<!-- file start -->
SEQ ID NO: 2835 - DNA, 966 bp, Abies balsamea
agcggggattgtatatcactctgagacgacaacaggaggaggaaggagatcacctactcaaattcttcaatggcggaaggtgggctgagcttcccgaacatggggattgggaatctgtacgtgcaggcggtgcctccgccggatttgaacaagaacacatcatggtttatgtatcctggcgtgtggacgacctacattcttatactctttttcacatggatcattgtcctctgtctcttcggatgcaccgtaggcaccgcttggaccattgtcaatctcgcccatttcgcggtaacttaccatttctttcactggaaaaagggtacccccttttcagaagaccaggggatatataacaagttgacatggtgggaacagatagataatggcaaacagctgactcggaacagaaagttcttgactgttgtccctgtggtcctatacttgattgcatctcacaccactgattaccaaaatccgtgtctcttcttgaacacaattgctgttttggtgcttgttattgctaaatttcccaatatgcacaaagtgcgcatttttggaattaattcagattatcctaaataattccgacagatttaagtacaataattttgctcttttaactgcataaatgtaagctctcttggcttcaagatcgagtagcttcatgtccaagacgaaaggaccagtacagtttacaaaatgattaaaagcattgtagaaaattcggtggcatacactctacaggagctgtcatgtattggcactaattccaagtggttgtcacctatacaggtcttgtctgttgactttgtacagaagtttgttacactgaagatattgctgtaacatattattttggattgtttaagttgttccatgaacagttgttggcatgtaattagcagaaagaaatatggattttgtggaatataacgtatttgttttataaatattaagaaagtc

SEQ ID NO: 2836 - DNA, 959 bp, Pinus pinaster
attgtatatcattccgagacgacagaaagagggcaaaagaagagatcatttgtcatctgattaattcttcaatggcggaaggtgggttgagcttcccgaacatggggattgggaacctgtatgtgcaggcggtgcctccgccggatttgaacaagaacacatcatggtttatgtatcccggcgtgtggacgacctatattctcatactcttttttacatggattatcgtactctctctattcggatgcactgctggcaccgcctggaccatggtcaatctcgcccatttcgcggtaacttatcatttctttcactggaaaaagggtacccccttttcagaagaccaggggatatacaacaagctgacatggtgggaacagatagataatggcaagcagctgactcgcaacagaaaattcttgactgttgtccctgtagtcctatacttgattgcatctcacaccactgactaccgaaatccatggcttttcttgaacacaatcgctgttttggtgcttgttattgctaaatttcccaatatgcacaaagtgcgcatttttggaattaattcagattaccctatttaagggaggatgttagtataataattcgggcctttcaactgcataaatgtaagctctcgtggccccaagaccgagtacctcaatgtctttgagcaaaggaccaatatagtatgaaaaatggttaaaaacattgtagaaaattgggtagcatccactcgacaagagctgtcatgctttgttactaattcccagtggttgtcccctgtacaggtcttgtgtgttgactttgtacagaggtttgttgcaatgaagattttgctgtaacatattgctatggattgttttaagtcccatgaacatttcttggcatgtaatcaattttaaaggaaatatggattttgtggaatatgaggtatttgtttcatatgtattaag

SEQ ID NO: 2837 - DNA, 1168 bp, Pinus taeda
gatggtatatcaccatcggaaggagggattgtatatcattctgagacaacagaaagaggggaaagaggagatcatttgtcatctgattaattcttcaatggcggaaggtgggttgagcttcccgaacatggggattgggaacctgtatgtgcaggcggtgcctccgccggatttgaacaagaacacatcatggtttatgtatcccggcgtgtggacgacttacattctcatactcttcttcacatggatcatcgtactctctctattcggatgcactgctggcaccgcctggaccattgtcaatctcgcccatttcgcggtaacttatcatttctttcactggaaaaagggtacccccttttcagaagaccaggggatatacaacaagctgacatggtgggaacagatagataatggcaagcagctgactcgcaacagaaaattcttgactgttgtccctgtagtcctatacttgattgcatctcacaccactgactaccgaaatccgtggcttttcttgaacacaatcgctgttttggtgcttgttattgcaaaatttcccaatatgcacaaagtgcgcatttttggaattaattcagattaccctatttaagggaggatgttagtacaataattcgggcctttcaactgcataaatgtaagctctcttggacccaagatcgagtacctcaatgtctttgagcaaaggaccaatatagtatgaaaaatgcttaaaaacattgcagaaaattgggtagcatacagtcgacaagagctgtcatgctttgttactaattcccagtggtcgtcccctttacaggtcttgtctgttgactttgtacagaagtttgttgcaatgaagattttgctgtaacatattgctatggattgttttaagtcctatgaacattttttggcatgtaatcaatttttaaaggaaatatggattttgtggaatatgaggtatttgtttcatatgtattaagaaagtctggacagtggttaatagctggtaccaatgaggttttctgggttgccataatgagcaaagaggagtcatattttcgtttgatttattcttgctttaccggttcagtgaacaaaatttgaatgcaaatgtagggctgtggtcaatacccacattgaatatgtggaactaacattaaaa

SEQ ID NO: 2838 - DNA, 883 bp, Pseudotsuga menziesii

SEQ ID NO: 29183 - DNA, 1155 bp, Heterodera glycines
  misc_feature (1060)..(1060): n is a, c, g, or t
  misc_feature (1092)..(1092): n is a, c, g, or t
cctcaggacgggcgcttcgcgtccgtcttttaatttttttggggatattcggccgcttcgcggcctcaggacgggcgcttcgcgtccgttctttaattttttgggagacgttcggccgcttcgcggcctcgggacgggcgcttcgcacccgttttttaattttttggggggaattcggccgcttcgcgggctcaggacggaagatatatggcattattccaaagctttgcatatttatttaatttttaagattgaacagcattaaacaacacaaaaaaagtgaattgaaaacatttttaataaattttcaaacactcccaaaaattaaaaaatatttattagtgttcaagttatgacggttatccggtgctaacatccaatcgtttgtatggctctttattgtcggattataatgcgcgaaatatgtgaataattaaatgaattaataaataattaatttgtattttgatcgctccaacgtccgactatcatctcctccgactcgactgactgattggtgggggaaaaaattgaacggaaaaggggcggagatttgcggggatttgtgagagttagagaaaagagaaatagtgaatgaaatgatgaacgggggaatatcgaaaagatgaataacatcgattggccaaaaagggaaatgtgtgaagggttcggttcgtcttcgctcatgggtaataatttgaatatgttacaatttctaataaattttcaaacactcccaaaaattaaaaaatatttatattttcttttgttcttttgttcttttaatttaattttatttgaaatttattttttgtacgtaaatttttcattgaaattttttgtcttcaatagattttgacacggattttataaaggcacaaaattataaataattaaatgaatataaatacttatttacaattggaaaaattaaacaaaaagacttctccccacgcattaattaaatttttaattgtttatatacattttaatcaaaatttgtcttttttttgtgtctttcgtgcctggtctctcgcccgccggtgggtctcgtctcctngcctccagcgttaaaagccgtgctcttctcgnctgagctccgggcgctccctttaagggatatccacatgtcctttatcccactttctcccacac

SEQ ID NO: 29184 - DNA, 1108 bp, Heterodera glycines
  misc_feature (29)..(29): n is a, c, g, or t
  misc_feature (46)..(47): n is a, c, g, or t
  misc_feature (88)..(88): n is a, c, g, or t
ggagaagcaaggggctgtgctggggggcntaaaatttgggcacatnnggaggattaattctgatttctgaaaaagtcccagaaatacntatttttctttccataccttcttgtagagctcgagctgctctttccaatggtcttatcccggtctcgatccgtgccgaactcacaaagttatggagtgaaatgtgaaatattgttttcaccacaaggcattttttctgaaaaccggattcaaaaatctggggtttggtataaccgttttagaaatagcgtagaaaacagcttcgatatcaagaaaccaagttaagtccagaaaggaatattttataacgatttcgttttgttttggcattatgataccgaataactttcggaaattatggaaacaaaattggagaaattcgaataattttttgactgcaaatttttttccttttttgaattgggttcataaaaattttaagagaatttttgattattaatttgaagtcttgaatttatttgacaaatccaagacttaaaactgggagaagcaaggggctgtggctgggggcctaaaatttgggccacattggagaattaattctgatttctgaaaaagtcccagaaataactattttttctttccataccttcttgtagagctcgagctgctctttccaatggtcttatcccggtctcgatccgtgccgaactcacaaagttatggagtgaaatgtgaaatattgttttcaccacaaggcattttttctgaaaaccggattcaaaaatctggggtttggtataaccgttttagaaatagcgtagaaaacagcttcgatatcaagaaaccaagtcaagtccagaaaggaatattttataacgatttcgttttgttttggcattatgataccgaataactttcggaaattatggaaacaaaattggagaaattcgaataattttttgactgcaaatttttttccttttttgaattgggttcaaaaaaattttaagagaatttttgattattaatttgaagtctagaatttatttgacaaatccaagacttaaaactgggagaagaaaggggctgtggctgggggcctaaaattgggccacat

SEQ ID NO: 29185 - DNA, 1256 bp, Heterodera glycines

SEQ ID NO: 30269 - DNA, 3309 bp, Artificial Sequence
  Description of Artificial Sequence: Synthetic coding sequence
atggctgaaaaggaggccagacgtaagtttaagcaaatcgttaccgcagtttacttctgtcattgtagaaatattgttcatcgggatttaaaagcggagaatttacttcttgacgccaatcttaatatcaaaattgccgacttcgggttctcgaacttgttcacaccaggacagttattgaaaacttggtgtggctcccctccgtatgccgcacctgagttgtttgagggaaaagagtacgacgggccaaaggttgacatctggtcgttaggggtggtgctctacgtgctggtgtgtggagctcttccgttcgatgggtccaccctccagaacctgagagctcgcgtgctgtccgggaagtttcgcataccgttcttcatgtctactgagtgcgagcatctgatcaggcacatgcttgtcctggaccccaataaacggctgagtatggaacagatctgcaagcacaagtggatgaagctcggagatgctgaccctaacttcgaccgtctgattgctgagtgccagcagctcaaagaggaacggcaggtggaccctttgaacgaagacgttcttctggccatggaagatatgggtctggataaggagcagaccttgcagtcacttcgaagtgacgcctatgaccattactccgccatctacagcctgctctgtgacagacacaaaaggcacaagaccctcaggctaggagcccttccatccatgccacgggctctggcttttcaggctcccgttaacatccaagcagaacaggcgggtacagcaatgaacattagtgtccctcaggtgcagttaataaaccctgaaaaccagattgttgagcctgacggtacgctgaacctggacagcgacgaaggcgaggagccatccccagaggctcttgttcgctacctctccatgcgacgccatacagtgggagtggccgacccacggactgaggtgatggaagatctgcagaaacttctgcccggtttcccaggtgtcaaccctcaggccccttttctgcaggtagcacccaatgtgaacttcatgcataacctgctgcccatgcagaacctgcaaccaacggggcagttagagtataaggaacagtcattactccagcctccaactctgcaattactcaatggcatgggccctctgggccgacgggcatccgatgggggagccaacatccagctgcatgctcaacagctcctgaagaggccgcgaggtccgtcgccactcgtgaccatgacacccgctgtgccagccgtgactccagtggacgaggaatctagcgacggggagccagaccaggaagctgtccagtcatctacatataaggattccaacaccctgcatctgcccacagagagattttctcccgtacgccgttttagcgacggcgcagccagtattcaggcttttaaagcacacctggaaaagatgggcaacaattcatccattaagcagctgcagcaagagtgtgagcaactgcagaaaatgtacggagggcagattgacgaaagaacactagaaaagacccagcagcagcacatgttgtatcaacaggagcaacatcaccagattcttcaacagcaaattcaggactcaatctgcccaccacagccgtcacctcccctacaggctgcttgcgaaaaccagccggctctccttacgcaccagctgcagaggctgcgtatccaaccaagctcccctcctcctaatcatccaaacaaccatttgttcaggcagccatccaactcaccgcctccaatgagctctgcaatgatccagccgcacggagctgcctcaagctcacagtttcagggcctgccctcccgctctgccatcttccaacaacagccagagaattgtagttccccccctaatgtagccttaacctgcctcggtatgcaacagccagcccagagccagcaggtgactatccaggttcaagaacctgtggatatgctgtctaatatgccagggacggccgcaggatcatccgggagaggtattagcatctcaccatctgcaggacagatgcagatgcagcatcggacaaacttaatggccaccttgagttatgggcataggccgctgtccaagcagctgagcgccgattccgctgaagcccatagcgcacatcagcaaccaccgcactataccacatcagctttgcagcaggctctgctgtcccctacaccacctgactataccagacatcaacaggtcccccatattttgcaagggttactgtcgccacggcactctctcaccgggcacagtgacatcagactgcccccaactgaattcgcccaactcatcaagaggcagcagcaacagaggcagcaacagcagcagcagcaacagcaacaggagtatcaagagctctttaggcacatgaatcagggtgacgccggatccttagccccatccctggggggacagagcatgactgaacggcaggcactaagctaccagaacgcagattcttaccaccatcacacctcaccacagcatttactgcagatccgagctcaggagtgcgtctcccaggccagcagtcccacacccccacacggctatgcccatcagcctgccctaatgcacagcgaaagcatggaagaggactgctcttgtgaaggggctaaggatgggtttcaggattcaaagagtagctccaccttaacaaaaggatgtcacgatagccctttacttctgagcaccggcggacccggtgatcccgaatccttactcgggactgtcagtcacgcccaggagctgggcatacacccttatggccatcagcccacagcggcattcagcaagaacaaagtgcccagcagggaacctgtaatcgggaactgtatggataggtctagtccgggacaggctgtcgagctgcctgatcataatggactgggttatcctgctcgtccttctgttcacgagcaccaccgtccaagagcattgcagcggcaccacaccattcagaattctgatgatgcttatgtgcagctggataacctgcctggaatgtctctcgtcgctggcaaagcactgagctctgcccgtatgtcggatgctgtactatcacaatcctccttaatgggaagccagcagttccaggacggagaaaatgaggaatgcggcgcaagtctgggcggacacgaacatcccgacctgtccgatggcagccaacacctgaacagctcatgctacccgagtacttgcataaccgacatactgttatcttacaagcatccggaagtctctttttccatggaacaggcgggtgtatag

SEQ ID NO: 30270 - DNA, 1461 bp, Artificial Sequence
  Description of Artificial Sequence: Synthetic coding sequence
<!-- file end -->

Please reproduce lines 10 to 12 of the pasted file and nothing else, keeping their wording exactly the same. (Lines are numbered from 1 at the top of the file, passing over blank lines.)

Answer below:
  misc_feature (1092)..(1092): n is a, c, g, or t
cctcaggacgggcgcttcgcgtccgtcttttaatttttttggggatattcggccgcttcgcggcctcaggacgggcgcttcgcgtccgttctttaattttttgggagacgttcggccgcttcgcggcctcgggacgggcgcttcgcacccgttttttaattttttggggggaattcggccgcttcgcgggctcaggacggaagatatatggcattattccaaagctttgcatatttatttaatttttaagattgaacagcattaaacaacacaaaaaaagtgaattgaaaacatttttaataaattttcaaacactcccaaaaattaaaaaatatttattagtgttcaagttatgacggttatccggtgctaacatccaatcgtttgtatggctctttattgtcggattataatgcgcgaaatatgtgaataattaaatgaattaataaataattaatttgtattttgatcgctccaacgtccgactatcatctcctccgactcgactgactgattggtgggggaaaaaattgaacggaaaaggggcggagatttgcggggatttgtgagagttagagaaaagagaaatagtgaatgaaatgatgaacgggggaatatcgaaaagatgaataacatcgattggccaaaaagggaaatgtgtgaagggttcggttcgtcttcgctcatgggtaataatttgaatatgttacaatttctaataaattttcaaacactcccaaaaattaaaaaatatttatattttcttttgttcttttgttcttttaatttaattttatttgaaatttattttttgtacgtaaatttttcattgaaattttttgtcttcaatagattttgacacggattttataaaggcacaaaattataaataattaaatgaatataaatacttatttacaattggaaaaattaaacaaaaagacttctccccacgcattaattaaatttttaattgtttatatacattttaatcaaaatttgtcttttttttgtgtctttcgtgcctggtctctcgcccgccggtgggtctcgtctcctngcctccagcgttaaaagccgtgctcttctcgnctgagctccgggcgctccctttaagggatatccacatgtcctttatcccactttctcccacac

SEQ ID NO: 29184 - DNA, 1108 bp, Heterodera glycines